They don't have much to call their own yet you learn to be content with the real necessities of life and they are happy with what they have. Also, I learned to actually enjoy and see nature in it's full beauty. At night, I enjoyed standing outside to gaze at the infinite range of stars that twinkled and the moon that seemed so bright we could see outside even without any other light.


Farm animals

My first morning was interesting. Farmers get up at the crack of dawn and the roosters also give us the continuous wake up call. So I got up and followed my 'guide' (a young local boy) to the fields of plantains, oranges, mangos and lemon trees. Along the way around the house and in the fields, chickens are always roaming and pecking.

A few dogs also roam the land defending their territory. Dogs are sooo friendly and playful, they are usually never tied up but know their boundaries and are very dedicated to their master or family. Just beware of walking into someone's property without the owner... dogs can get very protective. This is an excellent security system for most farmers and most homeowners.  

A few days before my arrival the family pig had piglets, they were very cute.  One of the piglets did not survive very long after birth, but all the others happily suckled and are very healthy. All of the extra table scraps and fat went to feeding the pig so she can feed her little ones well.  

Other than that, the landscape is filled with cows, horses and donkeys. The feel is very old fashioned here, I left like I had travelled back in time!

Animals are always keep outside and in their place. No very special treatment is given, but they are well treated because they either serve as helpers around the farm or as a something they can sell later on. Pigs for example can be a big breadwinner if they get nice and fat.   


Town pets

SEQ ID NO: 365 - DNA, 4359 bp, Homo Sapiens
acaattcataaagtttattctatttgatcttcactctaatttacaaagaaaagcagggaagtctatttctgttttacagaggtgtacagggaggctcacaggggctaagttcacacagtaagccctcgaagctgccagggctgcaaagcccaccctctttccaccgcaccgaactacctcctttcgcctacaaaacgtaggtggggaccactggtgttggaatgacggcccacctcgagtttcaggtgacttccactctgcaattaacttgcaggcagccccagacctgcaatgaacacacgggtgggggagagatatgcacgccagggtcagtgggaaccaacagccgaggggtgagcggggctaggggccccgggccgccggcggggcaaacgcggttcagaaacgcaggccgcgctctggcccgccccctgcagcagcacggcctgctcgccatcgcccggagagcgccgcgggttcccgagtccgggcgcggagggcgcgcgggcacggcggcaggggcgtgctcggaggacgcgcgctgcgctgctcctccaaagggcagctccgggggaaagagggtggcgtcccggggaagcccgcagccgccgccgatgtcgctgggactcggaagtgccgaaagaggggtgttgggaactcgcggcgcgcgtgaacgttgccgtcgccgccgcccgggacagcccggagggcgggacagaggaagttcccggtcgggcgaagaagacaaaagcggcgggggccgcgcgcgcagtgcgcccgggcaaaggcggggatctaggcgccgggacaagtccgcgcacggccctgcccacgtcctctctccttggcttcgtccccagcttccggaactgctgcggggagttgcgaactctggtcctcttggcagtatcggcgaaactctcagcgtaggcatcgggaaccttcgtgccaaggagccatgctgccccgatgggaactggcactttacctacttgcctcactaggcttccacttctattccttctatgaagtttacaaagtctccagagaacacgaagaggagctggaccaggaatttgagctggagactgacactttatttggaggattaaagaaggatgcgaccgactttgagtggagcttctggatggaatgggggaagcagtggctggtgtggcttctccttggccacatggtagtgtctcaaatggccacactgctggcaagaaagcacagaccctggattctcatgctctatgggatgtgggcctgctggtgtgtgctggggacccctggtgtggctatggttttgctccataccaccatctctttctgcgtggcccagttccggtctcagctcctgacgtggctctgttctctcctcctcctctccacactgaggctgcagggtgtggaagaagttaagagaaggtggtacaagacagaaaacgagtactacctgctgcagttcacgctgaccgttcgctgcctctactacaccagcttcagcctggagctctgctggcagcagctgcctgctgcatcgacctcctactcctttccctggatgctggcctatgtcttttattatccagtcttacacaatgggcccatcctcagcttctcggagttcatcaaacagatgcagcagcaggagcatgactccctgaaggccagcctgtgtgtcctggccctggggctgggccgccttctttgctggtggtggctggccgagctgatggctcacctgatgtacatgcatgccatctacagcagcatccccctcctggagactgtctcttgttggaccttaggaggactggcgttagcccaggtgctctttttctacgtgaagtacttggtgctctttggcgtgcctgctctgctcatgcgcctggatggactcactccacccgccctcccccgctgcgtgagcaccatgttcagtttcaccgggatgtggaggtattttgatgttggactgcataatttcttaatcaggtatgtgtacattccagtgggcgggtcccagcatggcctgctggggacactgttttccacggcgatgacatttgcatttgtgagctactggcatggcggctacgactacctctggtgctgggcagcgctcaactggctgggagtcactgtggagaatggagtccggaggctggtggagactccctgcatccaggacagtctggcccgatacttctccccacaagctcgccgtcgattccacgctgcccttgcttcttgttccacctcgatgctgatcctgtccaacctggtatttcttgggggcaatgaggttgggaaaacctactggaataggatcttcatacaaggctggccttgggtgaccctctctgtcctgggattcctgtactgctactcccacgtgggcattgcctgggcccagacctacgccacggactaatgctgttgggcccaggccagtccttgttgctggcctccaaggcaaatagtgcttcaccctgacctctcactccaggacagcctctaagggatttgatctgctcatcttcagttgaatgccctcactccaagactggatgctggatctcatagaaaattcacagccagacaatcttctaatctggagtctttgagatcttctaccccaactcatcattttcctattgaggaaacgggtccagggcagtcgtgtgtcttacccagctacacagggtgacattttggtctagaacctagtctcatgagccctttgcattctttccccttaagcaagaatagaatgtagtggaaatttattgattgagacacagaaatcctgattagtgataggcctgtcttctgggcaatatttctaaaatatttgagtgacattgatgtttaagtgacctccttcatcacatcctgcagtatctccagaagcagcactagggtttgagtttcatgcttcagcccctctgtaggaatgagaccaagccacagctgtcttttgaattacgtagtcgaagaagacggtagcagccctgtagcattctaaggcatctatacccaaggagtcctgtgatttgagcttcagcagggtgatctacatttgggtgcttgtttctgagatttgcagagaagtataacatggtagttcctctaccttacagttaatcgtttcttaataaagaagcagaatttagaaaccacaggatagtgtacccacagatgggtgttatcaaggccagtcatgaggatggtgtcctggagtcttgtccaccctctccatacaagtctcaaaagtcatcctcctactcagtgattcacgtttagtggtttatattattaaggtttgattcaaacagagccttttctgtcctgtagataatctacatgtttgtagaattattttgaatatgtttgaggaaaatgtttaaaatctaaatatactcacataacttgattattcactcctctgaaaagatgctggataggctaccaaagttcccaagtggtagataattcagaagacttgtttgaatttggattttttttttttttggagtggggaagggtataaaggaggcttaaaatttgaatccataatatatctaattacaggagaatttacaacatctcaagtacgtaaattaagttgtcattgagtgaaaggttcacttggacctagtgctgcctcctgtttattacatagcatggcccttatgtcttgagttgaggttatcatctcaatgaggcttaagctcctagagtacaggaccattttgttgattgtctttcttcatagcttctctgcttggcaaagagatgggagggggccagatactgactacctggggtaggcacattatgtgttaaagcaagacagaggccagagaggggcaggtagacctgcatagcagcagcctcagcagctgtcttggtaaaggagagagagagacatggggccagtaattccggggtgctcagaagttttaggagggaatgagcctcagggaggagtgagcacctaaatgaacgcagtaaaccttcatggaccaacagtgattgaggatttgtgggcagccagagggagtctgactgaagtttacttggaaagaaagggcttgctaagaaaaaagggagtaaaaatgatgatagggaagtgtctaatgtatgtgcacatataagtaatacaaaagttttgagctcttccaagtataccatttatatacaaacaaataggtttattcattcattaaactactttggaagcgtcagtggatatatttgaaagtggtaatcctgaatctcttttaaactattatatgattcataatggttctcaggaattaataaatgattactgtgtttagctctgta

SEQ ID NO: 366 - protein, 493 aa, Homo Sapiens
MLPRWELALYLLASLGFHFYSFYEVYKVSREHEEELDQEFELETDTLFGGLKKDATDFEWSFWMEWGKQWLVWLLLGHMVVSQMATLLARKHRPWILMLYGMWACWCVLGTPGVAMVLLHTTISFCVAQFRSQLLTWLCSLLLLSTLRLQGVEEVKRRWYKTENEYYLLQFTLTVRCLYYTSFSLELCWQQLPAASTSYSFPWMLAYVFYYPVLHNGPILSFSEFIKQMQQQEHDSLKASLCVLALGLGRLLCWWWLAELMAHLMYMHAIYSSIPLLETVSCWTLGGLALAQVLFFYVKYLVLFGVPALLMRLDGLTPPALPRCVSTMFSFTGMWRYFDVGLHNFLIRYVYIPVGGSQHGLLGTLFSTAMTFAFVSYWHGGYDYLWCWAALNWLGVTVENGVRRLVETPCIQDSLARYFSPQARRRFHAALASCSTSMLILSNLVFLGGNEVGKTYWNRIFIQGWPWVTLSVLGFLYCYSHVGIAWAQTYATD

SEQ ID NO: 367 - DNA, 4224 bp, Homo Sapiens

Anywhere in the world you will find animal lovers. I was able to stay with one such person. This girl has 2 dogs and they are her babies. They are always well fed, bathed once a week and have daily tick checks along with lots of TLC. Let me introduce Blacky and Canela. Two ladies I loved spending time with. They were great company and excellent patients.

In most cases, dogs are locked inside the property limits surrounded by tall walls, just like the case of Blacky and Canela. They take their jobs very seriously! The advantage is they are not in so much danger from getting ticks or sicknesses from other dogs, but they will create quite a ruckus barking as soon as other animals or humans walk in front of the gate. As I mentioned, these beautiful fur buddies are great alarm systems, I felt very safe there. Plus, since they are very well taken care of, I was very comfortable petting them and handling them without worrying about wearing gloves. As you can see Canela is liking all this attention while picking off ticks.


Sadly, even with the best tick and flea repellents, they still seem to get a few guests each day. Both Blacky and Canela get their own beds made fresh every night outside with cardboard and big bags to make a humidity barrier under them. Blacky is the favorite here because she is soooo smart and friendly. Although she looks like a big mean dog, she is a big baby and wouldn't hurt a fly. She is also a riot to play with and loves to play tug of war or run off with the broom you were using and then have to chase her to get it back.